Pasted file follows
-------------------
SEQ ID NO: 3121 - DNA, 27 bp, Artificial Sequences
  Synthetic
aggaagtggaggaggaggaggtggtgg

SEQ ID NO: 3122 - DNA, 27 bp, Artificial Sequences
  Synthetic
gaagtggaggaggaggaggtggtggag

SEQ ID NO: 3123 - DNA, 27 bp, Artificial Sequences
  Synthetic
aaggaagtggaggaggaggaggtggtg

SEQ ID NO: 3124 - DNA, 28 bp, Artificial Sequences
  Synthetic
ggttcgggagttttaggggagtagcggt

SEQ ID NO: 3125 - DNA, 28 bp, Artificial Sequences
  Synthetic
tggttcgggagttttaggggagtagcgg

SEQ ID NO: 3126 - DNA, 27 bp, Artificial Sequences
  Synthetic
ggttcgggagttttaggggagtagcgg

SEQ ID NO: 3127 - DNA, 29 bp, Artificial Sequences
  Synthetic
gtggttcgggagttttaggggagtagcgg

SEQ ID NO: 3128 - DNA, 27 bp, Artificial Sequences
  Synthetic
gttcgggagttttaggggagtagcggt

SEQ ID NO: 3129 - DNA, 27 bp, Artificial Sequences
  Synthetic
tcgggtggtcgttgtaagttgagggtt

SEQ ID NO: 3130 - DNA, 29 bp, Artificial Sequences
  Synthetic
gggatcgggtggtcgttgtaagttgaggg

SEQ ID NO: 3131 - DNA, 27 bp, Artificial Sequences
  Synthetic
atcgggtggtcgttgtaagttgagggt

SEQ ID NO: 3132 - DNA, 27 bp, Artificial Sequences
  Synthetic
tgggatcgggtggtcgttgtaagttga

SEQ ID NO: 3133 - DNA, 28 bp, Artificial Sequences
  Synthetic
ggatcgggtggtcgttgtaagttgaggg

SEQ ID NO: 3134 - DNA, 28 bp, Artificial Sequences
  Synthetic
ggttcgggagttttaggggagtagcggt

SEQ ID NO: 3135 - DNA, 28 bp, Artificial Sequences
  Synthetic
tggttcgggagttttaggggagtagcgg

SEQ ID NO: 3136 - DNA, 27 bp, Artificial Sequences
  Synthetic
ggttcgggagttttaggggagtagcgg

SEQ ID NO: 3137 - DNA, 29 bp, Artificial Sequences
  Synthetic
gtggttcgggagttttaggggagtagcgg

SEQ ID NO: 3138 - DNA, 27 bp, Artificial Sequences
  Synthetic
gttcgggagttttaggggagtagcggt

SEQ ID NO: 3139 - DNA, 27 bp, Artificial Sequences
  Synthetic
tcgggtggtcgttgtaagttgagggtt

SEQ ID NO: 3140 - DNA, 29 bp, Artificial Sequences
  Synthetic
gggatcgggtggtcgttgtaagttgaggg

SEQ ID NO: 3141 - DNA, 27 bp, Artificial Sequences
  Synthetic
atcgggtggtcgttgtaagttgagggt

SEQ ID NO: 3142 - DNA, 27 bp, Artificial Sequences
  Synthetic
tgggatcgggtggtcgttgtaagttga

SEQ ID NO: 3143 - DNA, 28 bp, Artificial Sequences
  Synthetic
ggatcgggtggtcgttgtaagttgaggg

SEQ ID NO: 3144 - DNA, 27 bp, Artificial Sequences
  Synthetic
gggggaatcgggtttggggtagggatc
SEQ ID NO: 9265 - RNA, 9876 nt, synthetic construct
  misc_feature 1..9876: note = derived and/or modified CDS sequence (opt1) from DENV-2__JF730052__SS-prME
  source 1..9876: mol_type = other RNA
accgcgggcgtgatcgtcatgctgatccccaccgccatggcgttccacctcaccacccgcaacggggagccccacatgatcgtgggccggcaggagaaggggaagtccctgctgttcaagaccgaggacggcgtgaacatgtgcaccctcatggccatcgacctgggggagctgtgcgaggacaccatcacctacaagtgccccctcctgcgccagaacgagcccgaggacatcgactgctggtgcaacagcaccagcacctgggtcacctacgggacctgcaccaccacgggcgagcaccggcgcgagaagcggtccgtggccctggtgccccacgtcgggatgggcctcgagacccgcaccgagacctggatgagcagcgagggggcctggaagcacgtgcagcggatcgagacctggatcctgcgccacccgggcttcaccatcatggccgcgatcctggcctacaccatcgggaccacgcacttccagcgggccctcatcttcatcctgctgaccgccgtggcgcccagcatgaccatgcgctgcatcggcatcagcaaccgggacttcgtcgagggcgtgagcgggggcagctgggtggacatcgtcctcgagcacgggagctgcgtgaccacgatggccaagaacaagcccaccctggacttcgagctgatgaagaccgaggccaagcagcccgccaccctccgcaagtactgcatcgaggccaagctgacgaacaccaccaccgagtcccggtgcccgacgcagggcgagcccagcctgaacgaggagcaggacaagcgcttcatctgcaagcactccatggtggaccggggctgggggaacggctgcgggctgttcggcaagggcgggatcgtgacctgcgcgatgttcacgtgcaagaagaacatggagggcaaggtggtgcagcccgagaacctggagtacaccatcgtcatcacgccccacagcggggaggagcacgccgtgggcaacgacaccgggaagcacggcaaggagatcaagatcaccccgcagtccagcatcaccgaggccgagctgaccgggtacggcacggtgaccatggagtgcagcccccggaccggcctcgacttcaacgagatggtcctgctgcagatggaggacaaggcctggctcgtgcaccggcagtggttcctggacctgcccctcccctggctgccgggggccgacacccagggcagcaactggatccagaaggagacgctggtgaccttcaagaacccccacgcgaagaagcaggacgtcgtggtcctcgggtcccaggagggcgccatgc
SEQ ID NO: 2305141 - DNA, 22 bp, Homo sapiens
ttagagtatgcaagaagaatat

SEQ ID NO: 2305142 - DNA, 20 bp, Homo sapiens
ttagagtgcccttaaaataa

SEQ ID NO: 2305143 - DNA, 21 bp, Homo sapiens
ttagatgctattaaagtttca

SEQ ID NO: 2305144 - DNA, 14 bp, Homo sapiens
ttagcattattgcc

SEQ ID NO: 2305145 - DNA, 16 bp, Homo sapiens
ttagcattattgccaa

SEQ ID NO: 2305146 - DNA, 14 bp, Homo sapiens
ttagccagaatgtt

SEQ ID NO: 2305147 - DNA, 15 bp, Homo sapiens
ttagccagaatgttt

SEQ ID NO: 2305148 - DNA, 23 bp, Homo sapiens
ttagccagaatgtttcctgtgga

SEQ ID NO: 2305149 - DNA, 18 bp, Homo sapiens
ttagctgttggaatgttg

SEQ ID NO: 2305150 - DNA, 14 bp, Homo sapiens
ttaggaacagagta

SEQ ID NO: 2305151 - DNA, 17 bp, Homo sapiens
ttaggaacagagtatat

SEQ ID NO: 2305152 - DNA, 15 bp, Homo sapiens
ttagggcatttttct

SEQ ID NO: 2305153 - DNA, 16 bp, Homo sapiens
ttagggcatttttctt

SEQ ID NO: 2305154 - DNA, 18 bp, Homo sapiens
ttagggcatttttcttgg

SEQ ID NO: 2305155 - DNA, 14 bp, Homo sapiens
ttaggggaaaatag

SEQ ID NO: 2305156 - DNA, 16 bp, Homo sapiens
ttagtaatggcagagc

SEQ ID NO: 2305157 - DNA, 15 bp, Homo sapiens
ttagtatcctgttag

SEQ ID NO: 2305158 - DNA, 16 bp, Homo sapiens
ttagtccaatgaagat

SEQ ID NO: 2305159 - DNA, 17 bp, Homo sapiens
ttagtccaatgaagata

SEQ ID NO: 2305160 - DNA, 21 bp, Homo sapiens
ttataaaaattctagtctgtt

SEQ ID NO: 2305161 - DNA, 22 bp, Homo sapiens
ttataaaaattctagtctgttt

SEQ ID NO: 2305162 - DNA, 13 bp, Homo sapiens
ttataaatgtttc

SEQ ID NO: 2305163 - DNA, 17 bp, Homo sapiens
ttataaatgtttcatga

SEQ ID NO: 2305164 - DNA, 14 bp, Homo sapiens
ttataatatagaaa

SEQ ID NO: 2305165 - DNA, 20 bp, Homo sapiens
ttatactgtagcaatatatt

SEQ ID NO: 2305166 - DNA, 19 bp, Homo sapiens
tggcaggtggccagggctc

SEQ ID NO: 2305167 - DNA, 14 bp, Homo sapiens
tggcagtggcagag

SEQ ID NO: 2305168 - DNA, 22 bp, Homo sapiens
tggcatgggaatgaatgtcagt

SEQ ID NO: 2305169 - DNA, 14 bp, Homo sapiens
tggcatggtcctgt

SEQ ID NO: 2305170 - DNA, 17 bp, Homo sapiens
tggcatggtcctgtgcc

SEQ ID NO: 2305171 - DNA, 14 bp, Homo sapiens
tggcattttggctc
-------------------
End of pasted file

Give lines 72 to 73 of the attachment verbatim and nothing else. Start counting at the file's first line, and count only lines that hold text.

gggggaatcgggtttggggtagggatc
SEQ ID NO: 9265 - RNA, 9876 nt, synthetic construct